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Can You Flip Classic Cars for a Profit?

When asked if it is a good idea to flip classic cars, the answer is not really.  It’s not a 100% solid no, but you better know what you are getting yourself into before jumping into it.  For instance, it is almost guaranteed that you will not get the money you put into a classic car back out of it if you plan on doing a full restoration.  That’s still not to say there isn’t a way to make a buck or two.

A lot of people have made good money buying and selling classic cars over the past few decades.  A common way to make money can actually take years to accomplish.  You buy a classic car today in hopes that it will increase in value over the years to come.  Take a 1971 Hemi Cuda Convertible… original price, just over $4k.  Today they go for millions of dollars.  Sure, there were only 11 made, but you get the point.

Another way people make money on classic cars is to buy and sell them quicky without investing much more than the asking price.  Buy it at X and sell it at Y and hopefully Y is greater than X.  This is called flipping.

The key to flipping is getting a classic car or truck for a bargain.  And where can you find a bargain?  Well, that is where the know-how comes in.  You certainly need to know the valuation of vehicles you are looking at.  Hagerty has a great valuation tool you can use to get an idea of how much a collector vehicle is worth depending on its condition.

Locating a bargain classic also takes some luck and skill.  You certainly are not going to find any deals at car shows.  These owners baby their prized possessions and almost always think their collector is worth more than it actually is.

To find a good deal, you are going to need to do some research.  Typically, “barn finds” are the best place to start.  Problem is, finding that barn.  You will need to know the farmer or rancher that has a vehicle stored away, indoors preferably, and is looking to clear out his space.  If you don’t know that person, you will need to do some networking in hopes of locating something worth flipping.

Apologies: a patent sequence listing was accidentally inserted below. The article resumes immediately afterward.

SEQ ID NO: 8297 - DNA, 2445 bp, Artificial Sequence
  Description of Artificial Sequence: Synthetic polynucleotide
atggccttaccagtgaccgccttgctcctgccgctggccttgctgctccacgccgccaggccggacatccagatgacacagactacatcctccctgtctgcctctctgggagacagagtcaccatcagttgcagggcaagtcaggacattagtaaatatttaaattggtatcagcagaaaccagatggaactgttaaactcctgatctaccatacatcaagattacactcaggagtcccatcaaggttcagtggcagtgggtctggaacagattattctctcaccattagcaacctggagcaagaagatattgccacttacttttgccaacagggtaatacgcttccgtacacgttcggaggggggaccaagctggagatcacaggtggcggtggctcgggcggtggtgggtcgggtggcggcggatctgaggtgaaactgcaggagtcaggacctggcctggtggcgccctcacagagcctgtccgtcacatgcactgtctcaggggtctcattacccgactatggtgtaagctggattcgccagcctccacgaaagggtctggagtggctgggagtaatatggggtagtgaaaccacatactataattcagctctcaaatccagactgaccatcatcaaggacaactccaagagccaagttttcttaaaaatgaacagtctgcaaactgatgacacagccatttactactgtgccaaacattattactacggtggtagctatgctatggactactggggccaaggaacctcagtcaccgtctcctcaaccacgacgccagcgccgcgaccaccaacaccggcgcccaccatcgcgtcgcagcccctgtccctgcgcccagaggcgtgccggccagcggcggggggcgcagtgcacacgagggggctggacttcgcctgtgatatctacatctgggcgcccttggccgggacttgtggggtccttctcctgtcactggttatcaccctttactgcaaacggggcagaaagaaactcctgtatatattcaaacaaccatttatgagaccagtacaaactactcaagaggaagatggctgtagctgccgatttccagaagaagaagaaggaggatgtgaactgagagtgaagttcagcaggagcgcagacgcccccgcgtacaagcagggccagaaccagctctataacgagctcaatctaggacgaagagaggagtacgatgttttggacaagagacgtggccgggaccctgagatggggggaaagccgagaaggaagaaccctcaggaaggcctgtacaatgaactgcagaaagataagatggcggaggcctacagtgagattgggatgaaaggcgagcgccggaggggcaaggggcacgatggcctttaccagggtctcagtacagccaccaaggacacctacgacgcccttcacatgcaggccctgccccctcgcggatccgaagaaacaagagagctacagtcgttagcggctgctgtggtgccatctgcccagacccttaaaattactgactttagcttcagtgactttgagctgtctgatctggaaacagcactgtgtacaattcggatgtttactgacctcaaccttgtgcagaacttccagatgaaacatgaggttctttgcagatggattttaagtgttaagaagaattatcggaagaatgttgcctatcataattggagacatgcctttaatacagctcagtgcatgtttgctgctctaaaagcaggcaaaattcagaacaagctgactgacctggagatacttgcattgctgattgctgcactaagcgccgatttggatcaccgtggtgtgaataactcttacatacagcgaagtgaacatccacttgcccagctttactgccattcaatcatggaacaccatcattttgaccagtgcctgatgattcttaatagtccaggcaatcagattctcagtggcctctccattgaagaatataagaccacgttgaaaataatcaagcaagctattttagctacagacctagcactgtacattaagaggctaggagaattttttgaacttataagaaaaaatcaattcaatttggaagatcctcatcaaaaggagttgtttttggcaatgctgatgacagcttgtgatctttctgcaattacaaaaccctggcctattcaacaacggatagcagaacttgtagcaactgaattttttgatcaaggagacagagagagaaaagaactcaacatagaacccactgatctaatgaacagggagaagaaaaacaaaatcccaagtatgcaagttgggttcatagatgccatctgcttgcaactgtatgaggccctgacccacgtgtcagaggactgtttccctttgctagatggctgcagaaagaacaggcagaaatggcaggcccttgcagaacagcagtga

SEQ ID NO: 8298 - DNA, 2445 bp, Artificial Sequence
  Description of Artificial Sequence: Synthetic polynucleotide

Another technique for finding a bargain classic takes a bit of leg work and networking as well.  We call it garage hunting.  There are tons of classic car restoration projects happening in garages all over America.  The trick to getting a good deal is finding one that has been abandoned.  Restoration projects that have been given up on are great places to get a good price on a classic car.  Just make sure all the parts are there before striking a deal.

Last resort, you can look online for classics for sale or attend an auction or two, but this is where you better know what you are looking at.  There are countless stories of guys buying a classic car or truck because of how it looked.  Maybe it even ran decent, but what about all the things that matter?  Is it matching numbers?  Is the paint original?  What has and hasn’t been restored?  What parts are worn out and need to be restored before it gets sold?  There are tons of variables that need to be addressed before it is ever a good idea to make a purchase.

We aren’t going to get into the nuts & bolts about how to assess a classic car’s condition.  That in of itself takes years to learn and sometimes it also relies on your instincts.  Only you will know if you have what it takes to flip a classic car for profit, and we wish you all the luck if you choose to do so.

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